Matching entities across data sources using different identifiers and formats is a pervasive issue on the web. This group revolves around developing a web API that data providers can expose, which eases the reconciliation of third-party data to their own identifiers. OpenRefine's reconciliation API is used as a starting point. Our goals are to document this existing API, share our experiences and lessons learnt from it, propose an improved protocol in the view of promoting it as a standard, and build tooling around it. A description of the existing protocol can be found here: https://reconciliation-api.github.io/specs/latest/
Here is a quick recap of the activity around the reconciliation API in 2023.
Our Community Group kept a sustained activity this year, with discussions happening in monthly video calls (whose minutes are published on our mailing list) and on GitHub. We continued our improvements of the specifications on various fronts: internationalization, accessibility, alignment of the protocol with REST principles, enhancing the expressiveness of reconciliation queries and more. These improvements will be published in the upcoming version of the specifications. We also published final specifications for the 0.1 and 0.2 versions of the protocol, which have broad adoption. This year also saw various reconciliation services improve. For instance, new public reconciliation services for the Global Names database and the Répertoire International des Sources Musicales (RISM) were published. The conciliator framework to develop reconciliation services was updated and so were ReconToolkit, Nomenklatura, Skohub-reconcile and TEI publisher. Thanks to a grant from the NFDI4Culture consortium and as a follow-up to an Outreachy internship, OpenRefine improved the user experience of its reconciliation feature in many ways, which will be released in the upcoming 3.8 version of the tool.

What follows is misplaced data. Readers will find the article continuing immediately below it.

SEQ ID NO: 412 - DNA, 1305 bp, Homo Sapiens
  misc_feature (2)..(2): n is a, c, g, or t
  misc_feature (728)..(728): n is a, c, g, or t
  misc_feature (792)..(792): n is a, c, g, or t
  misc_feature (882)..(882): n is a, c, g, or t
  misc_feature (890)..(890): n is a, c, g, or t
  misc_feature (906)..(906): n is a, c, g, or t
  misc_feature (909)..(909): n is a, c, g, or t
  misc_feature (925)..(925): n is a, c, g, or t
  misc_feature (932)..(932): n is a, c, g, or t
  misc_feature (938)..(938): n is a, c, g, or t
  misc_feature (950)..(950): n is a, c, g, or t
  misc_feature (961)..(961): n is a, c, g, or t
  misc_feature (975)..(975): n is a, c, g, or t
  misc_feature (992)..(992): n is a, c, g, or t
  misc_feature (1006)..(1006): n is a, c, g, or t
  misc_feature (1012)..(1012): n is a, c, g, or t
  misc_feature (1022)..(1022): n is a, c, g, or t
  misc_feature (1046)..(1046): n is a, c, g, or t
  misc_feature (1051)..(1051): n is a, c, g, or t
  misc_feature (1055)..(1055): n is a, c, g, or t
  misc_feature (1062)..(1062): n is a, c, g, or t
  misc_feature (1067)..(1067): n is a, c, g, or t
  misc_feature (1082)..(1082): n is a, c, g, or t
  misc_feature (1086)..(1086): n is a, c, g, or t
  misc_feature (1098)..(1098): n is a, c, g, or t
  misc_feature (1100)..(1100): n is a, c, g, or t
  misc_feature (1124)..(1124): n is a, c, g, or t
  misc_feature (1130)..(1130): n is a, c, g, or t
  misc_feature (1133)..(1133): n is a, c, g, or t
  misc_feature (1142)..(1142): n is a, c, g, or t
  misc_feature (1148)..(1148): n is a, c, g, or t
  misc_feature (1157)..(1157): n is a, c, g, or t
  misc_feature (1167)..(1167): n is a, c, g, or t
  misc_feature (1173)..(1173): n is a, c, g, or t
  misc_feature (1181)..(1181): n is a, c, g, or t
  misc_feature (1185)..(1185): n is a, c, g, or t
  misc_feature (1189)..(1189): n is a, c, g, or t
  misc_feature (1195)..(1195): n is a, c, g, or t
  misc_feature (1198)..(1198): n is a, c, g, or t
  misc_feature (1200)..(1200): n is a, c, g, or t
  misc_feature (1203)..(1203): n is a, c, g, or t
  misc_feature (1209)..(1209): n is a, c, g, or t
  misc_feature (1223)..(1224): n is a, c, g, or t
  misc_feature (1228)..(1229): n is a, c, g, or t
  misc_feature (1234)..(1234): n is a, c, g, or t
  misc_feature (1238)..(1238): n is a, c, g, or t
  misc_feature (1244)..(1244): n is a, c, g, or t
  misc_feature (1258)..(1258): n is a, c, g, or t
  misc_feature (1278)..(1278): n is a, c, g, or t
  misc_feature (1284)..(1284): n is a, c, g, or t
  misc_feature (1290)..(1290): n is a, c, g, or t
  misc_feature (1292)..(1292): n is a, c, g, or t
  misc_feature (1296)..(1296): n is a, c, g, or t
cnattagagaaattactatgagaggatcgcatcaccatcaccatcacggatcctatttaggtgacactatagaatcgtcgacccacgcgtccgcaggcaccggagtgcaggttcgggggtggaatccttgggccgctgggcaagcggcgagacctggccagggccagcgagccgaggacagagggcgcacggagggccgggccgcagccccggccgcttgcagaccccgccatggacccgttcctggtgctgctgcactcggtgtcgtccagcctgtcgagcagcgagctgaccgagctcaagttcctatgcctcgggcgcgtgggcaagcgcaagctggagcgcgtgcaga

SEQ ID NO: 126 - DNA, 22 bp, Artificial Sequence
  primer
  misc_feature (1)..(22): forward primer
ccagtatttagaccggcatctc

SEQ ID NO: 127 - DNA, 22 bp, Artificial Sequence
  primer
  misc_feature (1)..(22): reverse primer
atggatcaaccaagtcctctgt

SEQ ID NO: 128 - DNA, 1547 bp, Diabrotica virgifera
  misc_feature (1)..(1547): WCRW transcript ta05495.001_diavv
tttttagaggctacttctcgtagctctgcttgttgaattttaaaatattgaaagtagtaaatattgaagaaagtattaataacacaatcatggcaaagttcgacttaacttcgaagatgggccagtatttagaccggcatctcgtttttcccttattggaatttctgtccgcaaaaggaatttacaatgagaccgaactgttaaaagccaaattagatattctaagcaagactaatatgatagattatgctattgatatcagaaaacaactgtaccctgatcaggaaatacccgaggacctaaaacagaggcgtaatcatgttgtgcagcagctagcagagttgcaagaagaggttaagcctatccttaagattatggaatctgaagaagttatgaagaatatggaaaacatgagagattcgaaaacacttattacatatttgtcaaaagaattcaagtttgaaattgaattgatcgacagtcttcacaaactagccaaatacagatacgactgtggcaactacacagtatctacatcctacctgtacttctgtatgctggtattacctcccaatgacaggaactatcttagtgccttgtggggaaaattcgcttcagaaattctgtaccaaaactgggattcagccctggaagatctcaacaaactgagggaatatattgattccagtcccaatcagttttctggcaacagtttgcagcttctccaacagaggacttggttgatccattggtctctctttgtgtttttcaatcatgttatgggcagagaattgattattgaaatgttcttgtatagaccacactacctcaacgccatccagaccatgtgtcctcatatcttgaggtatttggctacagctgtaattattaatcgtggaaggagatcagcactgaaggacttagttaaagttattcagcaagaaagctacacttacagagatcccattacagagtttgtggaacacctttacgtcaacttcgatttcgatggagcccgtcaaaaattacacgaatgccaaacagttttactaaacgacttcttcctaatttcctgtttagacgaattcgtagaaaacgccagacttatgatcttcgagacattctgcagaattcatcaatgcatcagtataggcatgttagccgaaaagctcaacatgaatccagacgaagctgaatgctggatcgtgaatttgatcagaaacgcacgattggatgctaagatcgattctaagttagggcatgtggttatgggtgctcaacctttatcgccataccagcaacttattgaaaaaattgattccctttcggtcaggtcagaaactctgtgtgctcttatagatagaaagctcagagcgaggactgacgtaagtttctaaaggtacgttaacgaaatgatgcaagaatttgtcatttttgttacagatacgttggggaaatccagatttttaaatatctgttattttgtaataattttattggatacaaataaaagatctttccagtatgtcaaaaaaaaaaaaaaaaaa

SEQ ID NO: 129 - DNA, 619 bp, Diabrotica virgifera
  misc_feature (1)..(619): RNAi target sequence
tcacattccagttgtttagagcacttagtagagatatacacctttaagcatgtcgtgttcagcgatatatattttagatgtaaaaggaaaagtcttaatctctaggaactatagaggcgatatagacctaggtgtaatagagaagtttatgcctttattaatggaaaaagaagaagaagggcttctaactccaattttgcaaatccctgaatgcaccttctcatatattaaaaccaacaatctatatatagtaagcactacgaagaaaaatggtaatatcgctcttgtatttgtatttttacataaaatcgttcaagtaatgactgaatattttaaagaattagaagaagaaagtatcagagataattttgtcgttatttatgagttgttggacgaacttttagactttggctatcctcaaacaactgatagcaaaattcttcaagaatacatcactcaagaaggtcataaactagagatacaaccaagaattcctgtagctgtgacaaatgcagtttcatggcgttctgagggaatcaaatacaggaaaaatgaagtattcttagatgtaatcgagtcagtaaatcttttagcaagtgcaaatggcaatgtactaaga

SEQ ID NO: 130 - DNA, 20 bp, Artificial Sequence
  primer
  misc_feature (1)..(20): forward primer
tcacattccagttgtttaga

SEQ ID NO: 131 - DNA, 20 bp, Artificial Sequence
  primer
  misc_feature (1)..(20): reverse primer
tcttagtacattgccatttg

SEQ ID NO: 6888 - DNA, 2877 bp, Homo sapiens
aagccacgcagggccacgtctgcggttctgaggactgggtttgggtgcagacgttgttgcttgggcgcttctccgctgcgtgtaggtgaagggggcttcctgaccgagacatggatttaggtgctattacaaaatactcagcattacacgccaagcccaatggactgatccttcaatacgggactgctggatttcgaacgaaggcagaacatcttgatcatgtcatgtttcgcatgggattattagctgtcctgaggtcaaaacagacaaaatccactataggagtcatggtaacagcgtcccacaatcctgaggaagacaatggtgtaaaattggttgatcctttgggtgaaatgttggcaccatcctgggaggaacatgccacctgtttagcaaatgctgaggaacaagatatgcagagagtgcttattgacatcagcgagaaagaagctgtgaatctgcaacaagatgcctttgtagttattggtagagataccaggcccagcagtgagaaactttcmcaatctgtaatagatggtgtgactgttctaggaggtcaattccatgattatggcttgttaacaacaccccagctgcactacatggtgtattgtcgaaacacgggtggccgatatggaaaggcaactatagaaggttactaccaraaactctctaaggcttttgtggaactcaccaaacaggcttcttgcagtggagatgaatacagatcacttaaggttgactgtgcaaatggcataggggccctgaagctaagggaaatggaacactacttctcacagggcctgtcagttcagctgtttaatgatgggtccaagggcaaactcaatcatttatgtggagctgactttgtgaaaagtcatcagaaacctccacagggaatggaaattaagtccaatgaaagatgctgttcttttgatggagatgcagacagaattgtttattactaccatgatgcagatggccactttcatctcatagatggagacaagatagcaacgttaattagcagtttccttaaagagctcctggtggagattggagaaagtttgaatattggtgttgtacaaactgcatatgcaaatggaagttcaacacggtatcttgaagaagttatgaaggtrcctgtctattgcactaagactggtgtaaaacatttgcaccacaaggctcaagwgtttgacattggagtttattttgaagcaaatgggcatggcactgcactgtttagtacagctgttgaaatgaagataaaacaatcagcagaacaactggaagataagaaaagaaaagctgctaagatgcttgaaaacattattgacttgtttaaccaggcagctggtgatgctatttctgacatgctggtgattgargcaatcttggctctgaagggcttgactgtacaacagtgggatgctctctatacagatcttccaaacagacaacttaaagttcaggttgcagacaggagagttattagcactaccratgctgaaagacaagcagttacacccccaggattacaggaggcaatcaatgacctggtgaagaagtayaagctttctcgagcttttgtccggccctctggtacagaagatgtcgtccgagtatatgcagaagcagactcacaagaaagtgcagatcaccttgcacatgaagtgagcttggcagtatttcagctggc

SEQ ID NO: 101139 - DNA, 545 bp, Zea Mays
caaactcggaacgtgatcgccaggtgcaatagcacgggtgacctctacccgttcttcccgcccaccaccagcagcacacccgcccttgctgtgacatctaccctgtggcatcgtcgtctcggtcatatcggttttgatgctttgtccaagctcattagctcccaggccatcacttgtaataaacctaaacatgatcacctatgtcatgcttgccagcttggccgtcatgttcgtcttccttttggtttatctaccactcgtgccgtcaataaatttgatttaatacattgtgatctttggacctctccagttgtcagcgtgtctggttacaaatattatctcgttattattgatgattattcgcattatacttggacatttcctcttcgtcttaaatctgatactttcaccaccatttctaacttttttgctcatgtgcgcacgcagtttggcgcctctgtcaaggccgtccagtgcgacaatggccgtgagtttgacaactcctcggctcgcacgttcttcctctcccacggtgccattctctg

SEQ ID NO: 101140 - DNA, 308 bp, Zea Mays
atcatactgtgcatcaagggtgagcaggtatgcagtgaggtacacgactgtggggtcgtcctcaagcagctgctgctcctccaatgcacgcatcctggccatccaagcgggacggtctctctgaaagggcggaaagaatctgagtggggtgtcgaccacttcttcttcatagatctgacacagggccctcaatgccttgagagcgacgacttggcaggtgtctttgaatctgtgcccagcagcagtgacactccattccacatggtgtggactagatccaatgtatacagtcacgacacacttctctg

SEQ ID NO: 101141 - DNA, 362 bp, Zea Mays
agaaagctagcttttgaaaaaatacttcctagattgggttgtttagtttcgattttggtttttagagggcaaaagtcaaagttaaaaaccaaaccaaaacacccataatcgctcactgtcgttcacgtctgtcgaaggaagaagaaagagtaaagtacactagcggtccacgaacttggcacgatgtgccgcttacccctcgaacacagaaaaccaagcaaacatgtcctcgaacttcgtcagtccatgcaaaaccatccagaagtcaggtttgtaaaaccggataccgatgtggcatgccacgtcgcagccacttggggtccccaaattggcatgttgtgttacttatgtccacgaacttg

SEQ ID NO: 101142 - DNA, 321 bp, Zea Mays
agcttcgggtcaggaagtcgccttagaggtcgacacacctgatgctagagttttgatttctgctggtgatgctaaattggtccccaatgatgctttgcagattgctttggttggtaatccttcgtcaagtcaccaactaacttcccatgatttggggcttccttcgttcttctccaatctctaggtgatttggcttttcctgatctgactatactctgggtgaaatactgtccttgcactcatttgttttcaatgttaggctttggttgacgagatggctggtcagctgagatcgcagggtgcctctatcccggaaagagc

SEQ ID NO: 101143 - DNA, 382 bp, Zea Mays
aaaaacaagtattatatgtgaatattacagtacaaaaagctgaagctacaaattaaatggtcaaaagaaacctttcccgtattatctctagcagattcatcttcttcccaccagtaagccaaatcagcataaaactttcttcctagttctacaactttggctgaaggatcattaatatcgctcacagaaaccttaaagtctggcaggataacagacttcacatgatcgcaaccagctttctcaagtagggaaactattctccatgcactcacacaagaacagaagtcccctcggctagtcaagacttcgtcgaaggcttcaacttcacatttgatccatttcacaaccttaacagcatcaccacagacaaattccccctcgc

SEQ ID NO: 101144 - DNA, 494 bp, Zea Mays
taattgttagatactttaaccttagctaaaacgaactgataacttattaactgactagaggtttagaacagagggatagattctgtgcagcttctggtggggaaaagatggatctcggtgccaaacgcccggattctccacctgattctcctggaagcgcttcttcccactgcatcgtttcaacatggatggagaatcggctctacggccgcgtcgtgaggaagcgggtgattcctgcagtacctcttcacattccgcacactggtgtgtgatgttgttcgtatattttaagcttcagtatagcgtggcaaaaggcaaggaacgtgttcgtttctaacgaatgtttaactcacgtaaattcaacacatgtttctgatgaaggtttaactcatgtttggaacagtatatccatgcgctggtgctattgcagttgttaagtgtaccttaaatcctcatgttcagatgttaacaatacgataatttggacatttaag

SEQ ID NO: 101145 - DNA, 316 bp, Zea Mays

We have surely missed some more: if so, let us know on the mailing list or during our monthly meetings. May 2024 bring more of those exciting developments!
We are happy to announce that we have released the version 0.2 of the specifications. This version adds a range of mostly backwards-compatible features to the original API used by OpenRefine (which was released as version 0.1). Here is a highlight of the most noticeable changes:
Services can require authentication using a range of methods, taken from the OpenAPI specifications;
Exposing a type hierarchy has been made possible;
Reconciliation candidates can expose individual reconciliation features, for cases where the global matching score is not precise enough;
Reconciling without supplying entity names (but only properties) was enabled.
Brick is a uniform metadata schema for buildings. The goal of the project is to represent subsystems in a building, independently of their vendors, providing a standard for building management systems. And it offers a reconciliation service for its vocabulary.
I’ve recently had the opportunity to briefly present our Community Group and what we do in a lightning talk at SWIB20, this years iteration of the annual (and this year digital) Semantic Web in Libraries conference (slides, video):